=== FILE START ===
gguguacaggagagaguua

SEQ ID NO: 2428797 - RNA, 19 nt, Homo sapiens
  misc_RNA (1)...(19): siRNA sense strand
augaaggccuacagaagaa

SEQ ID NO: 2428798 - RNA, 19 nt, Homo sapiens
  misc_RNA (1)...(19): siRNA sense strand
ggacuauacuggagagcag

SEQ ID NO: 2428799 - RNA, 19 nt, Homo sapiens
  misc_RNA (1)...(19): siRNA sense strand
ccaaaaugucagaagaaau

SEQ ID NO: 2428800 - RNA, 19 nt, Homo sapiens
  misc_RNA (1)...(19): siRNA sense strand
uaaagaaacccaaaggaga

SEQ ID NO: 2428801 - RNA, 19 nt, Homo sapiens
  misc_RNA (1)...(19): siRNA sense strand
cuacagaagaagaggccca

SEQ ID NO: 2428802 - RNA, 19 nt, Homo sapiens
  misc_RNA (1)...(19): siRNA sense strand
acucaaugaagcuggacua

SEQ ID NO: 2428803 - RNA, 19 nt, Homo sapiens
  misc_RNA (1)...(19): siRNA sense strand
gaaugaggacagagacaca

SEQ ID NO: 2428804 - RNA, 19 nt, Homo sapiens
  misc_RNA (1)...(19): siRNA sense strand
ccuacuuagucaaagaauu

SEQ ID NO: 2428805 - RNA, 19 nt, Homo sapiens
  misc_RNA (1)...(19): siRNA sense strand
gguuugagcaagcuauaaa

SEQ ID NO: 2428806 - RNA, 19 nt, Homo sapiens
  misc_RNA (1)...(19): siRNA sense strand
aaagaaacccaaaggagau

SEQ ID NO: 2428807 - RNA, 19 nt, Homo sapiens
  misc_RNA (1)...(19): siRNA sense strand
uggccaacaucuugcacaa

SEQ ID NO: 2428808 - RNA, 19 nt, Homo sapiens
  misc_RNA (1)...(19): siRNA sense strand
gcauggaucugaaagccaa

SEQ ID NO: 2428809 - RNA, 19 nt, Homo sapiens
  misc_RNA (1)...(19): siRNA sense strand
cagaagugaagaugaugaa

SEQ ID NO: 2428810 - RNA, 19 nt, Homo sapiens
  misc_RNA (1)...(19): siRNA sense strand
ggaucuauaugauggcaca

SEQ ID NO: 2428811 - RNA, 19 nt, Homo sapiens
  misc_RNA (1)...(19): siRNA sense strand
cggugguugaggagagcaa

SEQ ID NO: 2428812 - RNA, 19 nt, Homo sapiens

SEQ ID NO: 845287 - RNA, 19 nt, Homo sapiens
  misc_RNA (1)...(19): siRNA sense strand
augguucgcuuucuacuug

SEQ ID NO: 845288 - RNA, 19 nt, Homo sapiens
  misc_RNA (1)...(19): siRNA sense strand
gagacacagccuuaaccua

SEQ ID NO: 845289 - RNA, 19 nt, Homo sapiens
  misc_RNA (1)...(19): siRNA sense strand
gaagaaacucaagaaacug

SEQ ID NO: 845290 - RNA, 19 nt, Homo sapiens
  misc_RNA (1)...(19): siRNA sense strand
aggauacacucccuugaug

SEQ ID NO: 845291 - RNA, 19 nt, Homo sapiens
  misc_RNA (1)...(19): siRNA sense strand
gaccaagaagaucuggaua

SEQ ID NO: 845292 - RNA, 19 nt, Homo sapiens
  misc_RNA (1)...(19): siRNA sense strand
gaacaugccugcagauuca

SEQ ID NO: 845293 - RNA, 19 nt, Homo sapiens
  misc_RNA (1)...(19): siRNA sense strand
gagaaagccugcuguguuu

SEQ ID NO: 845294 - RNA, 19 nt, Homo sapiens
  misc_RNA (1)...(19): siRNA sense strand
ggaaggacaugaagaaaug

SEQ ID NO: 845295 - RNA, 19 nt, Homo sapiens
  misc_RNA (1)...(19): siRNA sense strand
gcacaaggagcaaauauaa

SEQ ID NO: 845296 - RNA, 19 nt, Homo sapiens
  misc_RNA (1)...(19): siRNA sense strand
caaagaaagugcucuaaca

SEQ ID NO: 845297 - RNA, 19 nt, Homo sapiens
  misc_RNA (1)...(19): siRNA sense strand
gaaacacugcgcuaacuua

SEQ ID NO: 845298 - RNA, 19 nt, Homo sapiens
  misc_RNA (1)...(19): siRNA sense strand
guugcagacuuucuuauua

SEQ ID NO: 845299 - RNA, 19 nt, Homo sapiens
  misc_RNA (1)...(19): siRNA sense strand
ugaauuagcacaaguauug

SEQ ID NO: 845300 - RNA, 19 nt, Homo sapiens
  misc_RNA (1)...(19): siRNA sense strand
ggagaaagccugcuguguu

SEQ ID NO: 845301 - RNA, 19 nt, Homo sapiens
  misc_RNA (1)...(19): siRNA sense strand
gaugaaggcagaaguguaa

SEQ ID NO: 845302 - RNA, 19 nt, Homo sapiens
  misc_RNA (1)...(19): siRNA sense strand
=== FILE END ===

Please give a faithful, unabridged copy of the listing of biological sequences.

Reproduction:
gguguacaggagagaguua

SEQ ID NO: 2428797 - RNA, 19 nt, Homo sapiens
  misc_RNA (1)...(19): siRNA sense strand
augaaggccuacagaagaa

SEQ ID NO: 2428798 - RNA, 19 nt, Homo sapiens
  misc_RNA (1)...(19): siRNA sense strand
ggacuauacuggagagcag

SEQ ID NO: 2428799 - RNA, 19 nt, Homo sapiens
  misc_RNA (1)...(19): siRNA sense strand
ccaaaaugucagaagaaau

SEQ ID NO: 2428800 - RNA, 19 nt, Homo sapiens
  misc_RNA (1)...(19): siRNA sense strand
uaaagaaacccaaaggaga

SEQ ID NO: 2428801 - RNA, 19 nt, Homo sapiens
  misc_RNA (1)...(19): siRNA sense strand
cuacagaagaagaggccca

SEQ ID NO: 2428802 - RNA, 19 nt, Homo sapiens
  misc_RNA (1)...(19): siRNA sense strand
acucaaugaagcuggacua

SEQ ID NO: 2428803 - RNA, 19 nt, Homo sapiens
  misc_RNA (1)...(19): siRNA sense strand
gaaugaggacagagacaca

SEQ ID NO: 2428804 - RNA, 19 nt, Homo sapiens
  misc_RNA (1)...(19): siRNA sense strand
ccuacuuagucaaagaauu

SEQ ID NO: 2428805 - RNA, 19 nt, Homo sapiens
  misc_RNA (1)...(19): siRNA sense strand
gguuugagcaagcuauaaa

SEQ ID NO: 2428806 - RNA, 19 nt, Homo sapiens
  misc_RNA (1)...(19): siRNA sense strand
aaagaaacccaaaggagau

SEQ ID NO: 2428807 - RNA, 19 nt, Homo sapiens
  misc_RNA (1)...(19): siRNA sense strand
uggccaacaucuugcacaa

SEQ ID NO: 2428808 - RNA, 19 nt, Homo sapiens
  misc_RNA (1)...(19): siRNA sense strand
gcauggaucugaaagccaa

SEQ ID NO: 2428809 - RNA, 19 nt, Homo sapiens
  misc_RNA (1)...(19): siRNA sense strand
cagaagugaagaugaugaa

SEQ ID NO: 2428810 - RNA, 19 nt, Homo sapiens
  misc_RNA (1)...(19): siRNA sense strand
ggaucuauaugauggcaca

SEQ ID NO: 2428811 - RNA, 19 nt, Homo sapiens
  misc_RNA (1)...(19): siRNA sense strand
cggugguugaggagagcaa

SEQ ID NO: 2428812 - RNA, 19 nt, Homo sapiens

SEQ ID NO: 845287 - RNA, 19 nt, Homo sapiens
  misc_RNA (1)...(19): siRNA sense strand
augguucgcuuucuacuug

SEQ ID NO: 845288 - RNA, 19 nt, Homo sapiens
  misc_RNA (1)...(19): siRNA sense strand
gagacacagccuuaaccua

SEQ ID NO: 845289 - RNA, 19 nt, Homo sapiens
  misc_RNA (1)...(19): siRNA sense strand
gaagaaacucaagaaacug

SEQ ID NO: 845290 - RNA, 19 nt, Homo sapiens
  misc_RNA (1)...(19): siRNA sense strand
aggauacacucccuugaug

SEQ ID NO: 845291 - RNA, 19 nt, Homo sapiens
  misc_RNA (1)...(19): siRNA sense strand
gaccaagaagaucuggaua

SEQ ID NO: 845292 - RNA, 19 nt, Homo sapiens
  misc_RNA (1)...(19): siRNA sense strand
gaacaugccugcagauuca

SEQ ID NO: 845293 - RNA, 19 nt, Homo sapiens
  misc_RNA (1)...(19): siRNA sense strand
gagaaagccugcuguguuu

SEQ ID NO: 845294 - RNA, 19 nt, Homo sapiens
  misc_RNA (1)...(19): siRNA sense strand
ggaaggacaugaagaaaug

SEQ ID NO: 845295 - RNA, 19 nt, Homo sapiens
  misc_RNA (1)...(19): siRNA sense strand
gcacaaggagcaaauauaa

SEQ ID NO: 845296 - RNA, 19 nt, Homo sapiens
  misc_RNA (1)...(19): siRNA sense strand
caaagaaagugcucuaaca

SEQ ID NO: 845297 - RNA, 19 nt, Homo sapiens
  misc_RNA (1)...(19): siRNA sense strand
gaaacacugcgcuaacuua

SEQ ID NO: 845298 - RNA, 19 nt, Homo sapiens
  misc_RNA (1)...(19): siRNA sense strand
guugcagacuuucuuauua

SEQ ID NO: 845299 - RNA, 19 nt, Homo sapiens
  misc_RNA (1)...(19): siRNA sense strand
ugaauuagcacaaguauug

SEQ ID NO: 845300 - RNA, 19 nt, Homo sapiens
  misc_RNA (1)...(19): siRNA sense strand
ggagaaagccugcuguguu

SEQ ID NO: 845301 - RNA, 19 nt, Homo sapiens
  misc_RNA (1)...(19): siRNA sense strand
gaugaaggcagaaguguaa

SEQ ID NO: 845302 - RNA, 19 nt, Homo sapiens
  misc_RNA (1)...(19): siRNA sense strand